165724-26

Chaetodon melapterus 

Scope: Persian Gulf
Language: English
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Taxonomy [top]

Kingdom Phylum Class Order Family
Animalia Chordata Actinopterygii Perciformes Chaetodontidae

Scientific Name: Chaetodon melapterus Guichenot, 1863
Regional Assessments:
Common Name(s):
English Arabian Butterflyfish, Blackfin Butterflyfish, Black-finned Melon Butterflyfish
Synonym(s):
Chaetodon melanopterus Playfair, 1867
Chaetodon trifasciatus ssp. arabica Steindachner, 1899
Choetodon melapterus Guichenot, 1863
Taxonomic Source(s): Eschmeyer, W.N. and Fricke, R. (eds). 2015. Catalog of Fishes: genera, species, references. Updated 1 October 2015. Available at: http://researcharchive.calacademy.org/research/ichthyology/catalog/fishcatmain.asp. (Accessed: 1 October 2015).

Assessment Information [top]

Red List Category & Criteria: Vulnerable B2ab(i,ii,iii) (Regional assessment) ver 3.1
Year Published: 2015
Date Assessed: 2014-02-26
Assessor(s): Feary, D., Matsuura, K. & Motomura, H.
Reviewer(s): Buchanan, J. & Ralph, G.
Contributor(s): Burt, J., Grandcourt, E. & Krupp, F.
Facilitator/Compiler(s): Ralph, G. & Buchanan, J.
Justification:

Chaetodon melapterus is an obligate corallivore, feeding exclusively on the live tissues of corals. The species has been recorded throughout much of the Persian Gulf on nearshore and offshore coral assemblages. Its area of occupancy (AOO) in the Persian Gulf is estimated to be 700 km².

In the Persian Gulf, coral assemblage habitat is naturally and severely fragmented with virtually no contiguous coral assemblages remaining. The estimated total AOO for coral assemblages in the Persian Gulf is 700 km², but is likely to be much less because of continued coral assemblage loss and degradation due to recurring bleaching events, coastal development, and other pressures. This is particularly true for the southern Persian Gulf, where coastal development is prevalent. In 2002, it was estimated that 40% of the Persian Gulf coasts had already been developed. However, in parts of the northern Persian Gulf, where coastal development is less significant, this species remains to be common. As a result of increasing sea surface temperatures, coral bleaching events have also increased in frequency over the past few decades, degrading coral assemblages in the Persian Gulf, especially those found nearshore in the southern Persian Gulf.

Chaetodon melapterus is not utilized and there are no known species-specific conservation measures in place for this fish. However, there are several marine protected areas within its distribution, including the Jubail Marine Wildlife Sanctuary, where C. melapterus has been recorded.

Oceanographic data suggests that a rescue effect through the Strait of Hormuz is negligible. Given this species' dependency on live coral, its small AOO, its severely fragmented population, and the continuing decline in its habitat quality, C. melapterus is listed as Vulnerable under criterion B (VU B2ab(i,ii,iii)). We recommend monitoring this species’ population and habitat trends.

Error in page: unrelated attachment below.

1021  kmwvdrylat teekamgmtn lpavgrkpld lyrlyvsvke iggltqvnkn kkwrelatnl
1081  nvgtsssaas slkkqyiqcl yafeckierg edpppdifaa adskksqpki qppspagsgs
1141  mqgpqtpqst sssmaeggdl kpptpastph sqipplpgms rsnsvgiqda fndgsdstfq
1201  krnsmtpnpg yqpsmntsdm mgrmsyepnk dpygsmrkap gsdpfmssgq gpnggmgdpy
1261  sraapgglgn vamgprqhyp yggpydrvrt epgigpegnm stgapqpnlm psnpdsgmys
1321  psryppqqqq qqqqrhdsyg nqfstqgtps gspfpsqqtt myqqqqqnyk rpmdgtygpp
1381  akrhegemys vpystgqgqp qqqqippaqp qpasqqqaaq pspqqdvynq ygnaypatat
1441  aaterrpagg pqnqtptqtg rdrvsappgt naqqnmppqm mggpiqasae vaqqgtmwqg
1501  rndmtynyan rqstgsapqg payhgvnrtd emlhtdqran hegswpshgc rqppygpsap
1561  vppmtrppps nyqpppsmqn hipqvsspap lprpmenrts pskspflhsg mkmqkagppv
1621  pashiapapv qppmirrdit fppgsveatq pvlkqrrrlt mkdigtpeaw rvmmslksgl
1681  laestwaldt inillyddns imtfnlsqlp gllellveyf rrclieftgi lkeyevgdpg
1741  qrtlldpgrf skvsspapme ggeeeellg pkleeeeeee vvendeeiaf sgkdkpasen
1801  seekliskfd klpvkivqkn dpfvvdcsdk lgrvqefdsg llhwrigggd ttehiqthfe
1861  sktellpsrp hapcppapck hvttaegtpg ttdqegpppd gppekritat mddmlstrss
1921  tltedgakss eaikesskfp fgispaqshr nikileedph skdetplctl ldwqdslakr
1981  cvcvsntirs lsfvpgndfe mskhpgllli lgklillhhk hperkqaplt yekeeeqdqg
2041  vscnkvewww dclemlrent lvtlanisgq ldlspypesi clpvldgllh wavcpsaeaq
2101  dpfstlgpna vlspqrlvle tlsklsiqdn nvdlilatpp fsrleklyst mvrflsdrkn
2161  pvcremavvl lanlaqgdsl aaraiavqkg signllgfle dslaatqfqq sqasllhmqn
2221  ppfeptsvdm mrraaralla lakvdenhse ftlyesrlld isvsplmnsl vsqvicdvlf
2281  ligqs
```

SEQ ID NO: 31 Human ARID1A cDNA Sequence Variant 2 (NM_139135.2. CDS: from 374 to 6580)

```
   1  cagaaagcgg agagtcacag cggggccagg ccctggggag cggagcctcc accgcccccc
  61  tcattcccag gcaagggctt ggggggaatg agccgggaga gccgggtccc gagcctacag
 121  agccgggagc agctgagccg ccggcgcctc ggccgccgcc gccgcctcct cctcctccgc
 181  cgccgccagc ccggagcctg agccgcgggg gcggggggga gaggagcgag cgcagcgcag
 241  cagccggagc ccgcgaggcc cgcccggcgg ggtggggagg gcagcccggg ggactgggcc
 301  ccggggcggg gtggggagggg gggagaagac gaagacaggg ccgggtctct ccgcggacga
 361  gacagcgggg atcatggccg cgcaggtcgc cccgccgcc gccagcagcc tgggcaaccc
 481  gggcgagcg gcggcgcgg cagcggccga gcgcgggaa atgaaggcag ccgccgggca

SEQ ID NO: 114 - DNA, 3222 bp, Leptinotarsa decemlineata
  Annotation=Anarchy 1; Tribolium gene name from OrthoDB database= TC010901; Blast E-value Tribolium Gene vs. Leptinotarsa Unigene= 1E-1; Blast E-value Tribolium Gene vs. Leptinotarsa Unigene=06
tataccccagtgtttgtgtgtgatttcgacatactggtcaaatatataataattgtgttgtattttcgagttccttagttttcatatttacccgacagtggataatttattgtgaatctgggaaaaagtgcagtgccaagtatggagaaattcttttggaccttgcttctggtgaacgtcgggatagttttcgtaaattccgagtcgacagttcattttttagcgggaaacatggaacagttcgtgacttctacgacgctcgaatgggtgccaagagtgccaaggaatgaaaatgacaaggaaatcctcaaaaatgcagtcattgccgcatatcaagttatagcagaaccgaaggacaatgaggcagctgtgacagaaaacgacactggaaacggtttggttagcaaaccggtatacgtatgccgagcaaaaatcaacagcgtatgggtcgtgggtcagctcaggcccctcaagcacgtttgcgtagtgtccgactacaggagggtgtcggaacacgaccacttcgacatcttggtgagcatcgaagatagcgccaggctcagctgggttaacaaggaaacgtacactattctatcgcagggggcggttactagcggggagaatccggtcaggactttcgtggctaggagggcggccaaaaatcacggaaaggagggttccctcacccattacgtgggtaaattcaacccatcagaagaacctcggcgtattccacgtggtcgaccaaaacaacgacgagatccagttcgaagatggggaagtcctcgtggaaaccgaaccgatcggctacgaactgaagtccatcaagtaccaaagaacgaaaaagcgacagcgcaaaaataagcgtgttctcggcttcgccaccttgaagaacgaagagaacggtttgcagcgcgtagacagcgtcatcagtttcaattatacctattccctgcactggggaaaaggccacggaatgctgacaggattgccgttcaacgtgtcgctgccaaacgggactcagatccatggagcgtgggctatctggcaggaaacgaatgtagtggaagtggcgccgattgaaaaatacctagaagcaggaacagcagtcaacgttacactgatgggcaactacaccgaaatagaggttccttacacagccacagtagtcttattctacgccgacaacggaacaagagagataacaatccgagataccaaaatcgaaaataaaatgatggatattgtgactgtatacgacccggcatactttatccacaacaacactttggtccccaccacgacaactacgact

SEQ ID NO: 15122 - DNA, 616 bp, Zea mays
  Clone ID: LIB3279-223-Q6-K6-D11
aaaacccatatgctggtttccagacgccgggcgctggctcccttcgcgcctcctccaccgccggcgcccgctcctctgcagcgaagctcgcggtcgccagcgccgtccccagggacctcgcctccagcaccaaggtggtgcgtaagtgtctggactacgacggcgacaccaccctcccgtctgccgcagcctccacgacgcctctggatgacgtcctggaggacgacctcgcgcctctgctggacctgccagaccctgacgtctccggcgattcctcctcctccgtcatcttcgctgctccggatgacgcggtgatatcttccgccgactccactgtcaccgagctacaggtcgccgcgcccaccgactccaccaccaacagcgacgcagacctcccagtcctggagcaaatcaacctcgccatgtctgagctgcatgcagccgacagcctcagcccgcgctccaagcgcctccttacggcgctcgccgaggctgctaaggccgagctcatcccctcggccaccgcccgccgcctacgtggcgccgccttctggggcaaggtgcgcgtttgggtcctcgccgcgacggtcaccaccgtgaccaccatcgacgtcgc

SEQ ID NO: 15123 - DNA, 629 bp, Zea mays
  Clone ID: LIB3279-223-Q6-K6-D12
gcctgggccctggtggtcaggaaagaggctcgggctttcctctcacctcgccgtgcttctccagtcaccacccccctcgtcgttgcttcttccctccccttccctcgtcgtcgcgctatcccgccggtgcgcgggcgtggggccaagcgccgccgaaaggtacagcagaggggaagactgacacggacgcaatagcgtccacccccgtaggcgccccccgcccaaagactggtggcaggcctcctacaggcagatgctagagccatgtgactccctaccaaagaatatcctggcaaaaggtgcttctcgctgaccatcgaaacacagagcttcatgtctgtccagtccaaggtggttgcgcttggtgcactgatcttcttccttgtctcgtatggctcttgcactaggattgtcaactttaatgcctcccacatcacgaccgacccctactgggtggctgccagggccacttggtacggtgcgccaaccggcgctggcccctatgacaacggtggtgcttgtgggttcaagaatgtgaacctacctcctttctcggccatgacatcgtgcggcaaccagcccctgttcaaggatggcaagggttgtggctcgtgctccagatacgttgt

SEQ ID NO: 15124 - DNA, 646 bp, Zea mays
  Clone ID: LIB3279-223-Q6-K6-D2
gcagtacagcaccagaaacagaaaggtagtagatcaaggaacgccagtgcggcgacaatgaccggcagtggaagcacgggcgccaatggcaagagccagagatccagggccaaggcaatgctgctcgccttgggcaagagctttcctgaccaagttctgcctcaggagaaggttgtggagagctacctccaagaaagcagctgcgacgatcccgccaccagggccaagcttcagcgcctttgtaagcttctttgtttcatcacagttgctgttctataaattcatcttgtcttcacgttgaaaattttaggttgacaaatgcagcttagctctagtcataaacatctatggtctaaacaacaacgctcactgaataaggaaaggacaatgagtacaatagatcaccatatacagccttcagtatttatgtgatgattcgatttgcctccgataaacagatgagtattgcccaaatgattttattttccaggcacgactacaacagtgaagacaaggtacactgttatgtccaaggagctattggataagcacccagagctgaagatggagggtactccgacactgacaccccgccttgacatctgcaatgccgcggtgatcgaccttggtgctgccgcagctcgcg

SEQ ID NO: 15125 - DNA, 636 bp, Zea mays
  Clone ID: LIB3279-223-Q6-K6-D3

Geographic Range [top]

Range Description:Chaetodon melapterus occurs throughout the Persian Gulf, with records from Iran (Shokri et al. 2005), Kuwait (Kuronuma and Abe 1972, Downing 1989c, Carpenter et al. 1997), Saudi Arabia (McCain et al. 1984, Coles and Tarr 1990), Bahrain (Allen 1980, Al-Baharna and Randall 1986, Smith and Saleh 1987), Qatar (Allen 1980: near Doha, Al-Sedfy et al. 1982, Sivasubramaniam and Ibrahim 1982), and the United Arab Emirates (Allen 1980, J. Burt pers. comm. 2014, E. Grandcourt pers. comm. 2014).
Countries occurrence:
Native:
Bahrain; Iran, Islamic Republic of; Iraq; Kuwait; Qatar; Saudi Arabia; United Arab Emirates
FAO Marine Fishing Areas:
Native:
Indian Ocean – western
Additional data:
Estimated area of occupancy (AOO) - km2:700Continuing decline in area of occupancy (AOO):Yes
Extreme fluctuations in area of occupancy (AOO):NoEstimated extent of occurrence (EOO) - km2:287900
Continuing decline in extent of occurrence (EOO):YesExtreme fluctuations in extent of occurrence (EOO):No
Lower depth limit (metres):16
Upper depth limit (metres):3
Range Map:165724-26

Population [top]

Population:Chaetodon melapterus was well documented throughout the Persian Gulf until 1997 (F. Krupp pers. comm. 2015). In 1998, C. melapterus began declining in nearshore areas, including nearshore islands, in the southern Persian Gulf, though not severely. However, at the offshore islands of Saudi Arabia, C. melapterus continued to remain common with populations largely unchanged. In the past, mature individuals were extremely rare in the northern Persian Gulf, but common on nearshore coral assemblages in the southern Persian Gulf, however, in the more recent decades, mature individuals have become increasingly common in the north.

Chaetodon melapterus is common on coral assemblages of Kuwait, in particular, Qaro Island (Carpenter et al. 1997). The species has been observed off Bahrain and near Doha, Qatar; however few observed due to degraded coral assemblages (Allen 1980). Between 1985-1987, Coles and Tarr (1990) conducted underwater visual surveys on nearshore and offshore coral assemblages in Saudi Arabia, in which the mean abundance of C. melapterus varied from 2 to 9 individuals/100 m². Between 1992-1995, Krupp and Almarri (1996) conducted underwater visual surveys on nearshore and offshore coral assemblages within the Jubail Marine Wildlife Sanctuary, in which the mean abundance of C. melapterus at Karan Island varied from 2.5 to 7.2 individuals/100 m². In 2001, the mean abundance of C. melapterus was 1 individual/400 m² (± 1 S.E.) off Kish Island (Iran), followed by a decline to 0.25 individuals/400 m² (± 0.25 S.E.) in 2002 (Shokri et al. 2005). In November 2008 and January 2012, Pratchett et al. (2013) conducted underwater visual surveys to determine the mean abundance of chaetodontids at five locations, including the southern Persian Gulf (Abu Dhabi), of which C. melapterus was absent during both survey periods. During underwater visual censuses on coral assemblages in the southern Persian Gulf (Al Dhabiya, Ras Ghanadah, Jebel Ali, and Saadiyat Island) conducted in October and December 2008 and January 2012, C. melapterus was not observed (D. Feary pers. comm. 2014). Similarly, during underwater visual censuses on coral assemblages in the southern Persian Gulf (Al Dhabiya, Ras Ghanadah, and Saadiyat Island) conducted from spring 2011 to winter 2013, C. melapterus was not observed (J. Burt pers. comm. 2014).

Oceanographic data suggests that a rescue effect through the Strait of Hormuz is negligible because of the limited entry into the Persian Gulf via the Strait of Hormuz (Coles 2003, Rezai et al. 2004), as well as a counter-current circulation (Chao et al. 1992) which may potentially facilitate the movement of propagules out of the Persian Gulf (Feary et al. 2012), and physical extremes of both salinity and temperature (Sheppard et al. 1992, Riegl 2001, Sheppard and Loughland 2002).
Current Population Trend:Unknown
Additional data: